Getting the Most Out of 2.5 Days in New York (or… We Ate Manhattan)
Categories: 6° ... Stories, Raves & Rants |
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Thursday … Arrive at La Guardia a little before 5 pm
I was in New York this past weekend with my husband and our friends Mike and Linda West. The day after we got back I read an article in the Times explaining how Uber and its ilk are making Manhattan traffic noticeably worse – by delivering a neverending bolus of vehicles into the city’s already clogged arteries. It was a bit of an aha-in-hindsight moment. Now I know why it took over an hour and 45 minutes to get from the airport to midtown. It was rush hour, and I expected it to take an hour, but at least half of our time in the cab was spent inch by inching our way over the last four excruciatingly-long miles. Ironically, the two times we tried to get an Uber the ride was cancelled by the driver after we’d stood around waiting for five to 10 minutes … time we did not use to hail cab.
We had our first NY meal at Txikito (chi-kee-to) (in Chelsea) and I had a good feeling about the dinner to come as soon as we arrived. Txikito is small, clean, simple (as in not a place where the décor gets press), and very neighborhoodish. It felt like a bit of an oasis after dealing with traffic. I couldn’t help referring to the meal as tapas – and that’s what we had in the modern, small-shareable-plates definition of the term. The food is Basque – so the term pintxo vs. tapas is more apt.
My favorites among the dozen or so dishes we tried were the meltingly tender salt cod, marinated boquerones (white anchovies), paper thin octopus, shaved mushrooms, Fairy Tail Eggplant – almost sweet in their tiny tenderness, and lamb meatballs. If I lived in the neighborhood I’d be a Txikito regular.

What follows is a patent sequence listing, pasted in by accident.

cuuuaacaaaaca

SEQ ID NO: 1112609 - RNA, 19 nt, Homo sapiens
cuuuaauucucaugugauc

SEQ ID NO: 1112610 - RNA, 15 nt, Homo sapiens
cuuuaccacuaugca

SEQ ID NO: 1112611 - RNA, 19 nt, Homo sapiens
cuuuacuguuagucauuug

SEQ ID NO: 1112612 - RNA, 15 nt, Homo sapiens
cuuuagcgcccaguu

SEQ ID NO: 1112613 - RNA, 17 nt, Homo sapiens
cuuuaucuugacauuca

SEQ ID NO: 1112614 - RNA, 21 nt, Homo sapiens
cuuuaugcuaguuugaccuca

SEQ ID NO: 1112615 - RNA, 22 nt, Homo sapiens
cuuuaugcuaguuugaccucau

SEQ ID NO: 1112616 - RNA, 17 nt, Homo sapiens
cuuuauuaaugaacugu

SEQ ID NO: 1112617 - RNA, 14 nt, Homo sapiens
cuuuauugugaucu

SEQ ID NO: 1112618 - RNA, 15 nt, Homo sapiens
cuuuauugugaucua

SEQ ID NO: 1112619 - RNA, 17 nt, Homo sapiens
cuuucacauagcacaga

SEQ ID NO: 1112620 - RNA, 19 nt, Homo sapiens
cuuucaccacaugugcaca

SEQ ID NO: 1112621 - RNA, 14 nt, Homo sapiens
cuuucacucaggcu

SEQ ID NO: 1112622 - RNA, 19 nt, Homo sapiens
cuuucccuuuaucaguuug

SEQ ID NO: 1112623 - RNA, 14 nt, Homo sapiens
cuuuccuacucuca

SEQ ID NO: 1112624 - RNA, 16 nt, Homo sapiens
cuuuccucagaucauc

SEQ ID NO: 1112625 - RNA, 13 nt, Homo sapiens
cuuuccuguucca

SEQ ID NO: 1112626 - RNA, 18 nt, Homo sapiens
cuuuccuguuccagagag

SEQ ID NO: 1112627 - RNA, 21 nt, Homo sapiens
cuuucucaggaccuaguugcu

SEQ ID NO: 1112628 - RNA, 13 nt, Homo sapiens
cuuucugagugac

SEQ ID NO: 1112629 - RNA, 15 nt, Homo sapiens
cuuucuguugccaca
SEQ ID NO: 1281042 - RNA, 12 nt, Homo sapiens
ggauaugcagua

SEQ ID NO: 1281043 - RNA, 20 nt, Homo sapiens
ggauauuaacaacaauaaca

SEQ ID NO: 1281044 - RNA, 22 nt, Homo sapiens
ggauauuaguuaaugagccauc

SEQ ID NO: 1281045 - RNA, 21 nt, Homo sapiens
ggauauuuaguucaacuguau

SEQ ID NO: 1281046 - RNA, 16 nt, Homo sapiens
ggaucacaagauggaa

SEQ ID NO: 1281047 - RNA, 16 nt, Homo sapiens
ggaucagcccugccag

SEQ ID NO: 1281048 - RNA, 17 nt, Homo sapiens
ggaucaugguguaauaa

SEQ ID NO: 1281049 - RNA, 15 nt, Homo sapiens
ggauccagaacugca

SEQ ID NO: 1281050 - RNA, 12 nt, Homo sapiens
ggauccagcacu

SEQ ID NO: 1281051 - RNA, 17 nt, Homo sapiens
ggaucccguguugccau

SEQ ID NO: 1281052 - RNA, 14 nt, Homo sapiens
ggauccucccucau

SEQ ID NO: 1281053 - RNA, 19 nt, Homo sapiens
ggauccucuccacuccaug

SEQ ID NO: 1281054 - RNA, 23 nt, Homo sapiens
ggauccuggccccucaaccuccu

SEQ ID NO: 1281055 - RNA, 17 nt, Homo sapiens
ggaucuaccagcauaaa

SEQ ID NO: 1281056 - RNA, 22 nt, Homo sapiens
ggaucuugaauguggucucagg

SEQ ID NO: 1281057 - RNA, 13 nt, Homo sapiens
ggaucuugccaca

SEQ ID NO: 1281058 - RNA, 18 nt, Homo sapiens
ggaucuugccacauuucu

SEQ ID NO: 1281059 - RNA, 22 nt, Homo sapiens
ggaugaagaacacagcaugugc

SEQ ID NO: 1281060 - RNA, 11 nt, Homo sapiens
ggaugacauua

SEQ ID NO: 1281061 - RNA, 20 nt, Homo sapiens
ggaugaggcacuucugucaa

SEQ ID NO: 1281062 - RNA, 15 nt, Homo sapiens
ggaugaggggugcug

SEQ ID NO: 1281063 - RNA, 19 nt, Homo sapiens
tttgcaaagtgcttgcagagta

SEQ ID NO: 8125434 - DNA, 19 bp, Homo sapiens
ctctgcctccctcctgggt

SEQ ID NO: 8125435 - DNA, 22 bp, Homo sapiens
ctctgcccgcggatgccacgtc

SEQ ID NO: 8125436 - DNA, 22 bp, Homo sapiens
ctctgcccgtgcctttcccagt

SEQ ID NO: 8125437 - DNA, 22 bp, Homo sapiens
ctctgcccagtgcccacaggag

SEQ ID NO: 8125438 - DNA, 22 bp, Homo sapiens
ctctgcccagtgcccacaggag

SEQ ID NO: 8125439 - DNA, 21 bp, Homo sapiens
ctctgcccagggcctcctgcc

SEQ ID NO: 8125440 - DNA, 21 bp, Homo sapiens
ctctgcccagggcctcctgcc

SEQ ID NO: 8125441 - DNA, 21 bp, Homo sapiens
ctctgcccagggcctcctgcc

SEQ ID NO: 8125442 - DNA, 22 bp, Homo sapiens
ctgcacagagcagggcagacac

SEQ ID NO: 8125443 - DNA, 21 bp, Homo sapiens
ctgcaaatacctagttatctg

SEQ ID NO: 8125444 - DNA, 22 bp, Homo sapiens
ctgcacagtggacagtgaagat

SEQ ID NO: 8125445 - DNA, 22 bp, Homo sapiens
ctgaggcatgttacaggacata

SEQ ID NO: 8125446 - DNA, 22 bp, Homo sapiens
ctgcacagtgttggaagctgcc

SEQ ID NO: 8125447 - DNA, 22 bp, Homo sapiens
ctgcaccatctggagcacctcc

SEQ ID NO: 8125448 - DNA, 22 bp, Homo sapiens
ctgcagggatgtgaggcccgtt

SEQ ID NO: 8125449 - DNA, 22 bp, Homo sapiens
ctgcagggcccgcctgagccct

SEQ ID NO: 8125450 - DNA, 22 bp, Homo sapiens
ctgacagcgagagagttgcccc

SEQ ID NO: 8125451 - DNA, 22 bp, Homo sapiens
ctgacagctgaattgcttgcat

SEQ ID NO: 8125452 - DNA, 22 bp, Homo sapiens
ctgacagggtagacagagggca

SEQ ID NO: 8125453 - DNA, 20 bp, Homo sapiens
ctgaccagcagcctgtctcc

There are times when it’s important to stack the deck in your own favor. On Friday we went to Ground Zero. We saw the memorial pools – a matched pair of deep wells, each a footprint of a tower that fell. They’re identical, immense, powerful and serene all at once, and each has a can’t-see-the-bottom well-within-a-well in its center. Over a half million gallons of water fills each pool, with upwards of 50,000 gallons cascading every minute, creating a cacophony of white noise that nearly drowns out New York, in the way that the events of 9/11 created hushed silence amid chaos.
The museum is below ground. Like the fountains it is cavernously grand. Ceilings are seven stories high in places and many of the artifacts are oak-tree tall, beams of twisted metal curated like Picassos. But the smallest memorabilia often stand out; eyeglasses, shoes caked in dust, firefighting equipment, a watch. Among the hardest to see were the preserved fences, papered with hundreds of tattered photos, the image of each face annotated with desperate versions of “Have you seen…” Standing in the place where those pictured were seen last, and knowing that none of the desperate who posted an image of a missing loved was rewarded by a reunion, creates an immense and very present sense of loss. Tissue dispensers dot the museum.
And then you leave. You cross the plaza, and ascend into the tallest of the tall, the shining new silver spire that is One World Trade Center. New York rose from the ashes, it’s still capable of the biggest and best, and for a few touristy minutes you can be a part of it, New York, New York. The view is grand, everything everywhere is dwarfed, but I found the elevator trip 1/3 mile straight up claustrophobic, and after about 15 minutes on top of the world I wanted nothing more than to descend. I wanted to be someplace else, someplace closer to earth.
So, how was going to ground zero a form of stacking the deck in our favor? We chose to go as early in the day as possible. The museum opens at nine, and that’s when we arrived, already having seen the pools. Then we visited the new tower, and then we went to lunch. We had reservations at Narcissa, and when we arrived we were pretty somber. Good food, nice service, and a cocktail have a way of rejuvenating. Having them lined up in advance allowed us to return to the present and enjoy being in the City. Everyone should visit the memorial and the museum. When I made our lunch reservation I didn’t think about the effect the museum would have on us. In retrospect, having a place to return to the present was a bit of an antidote.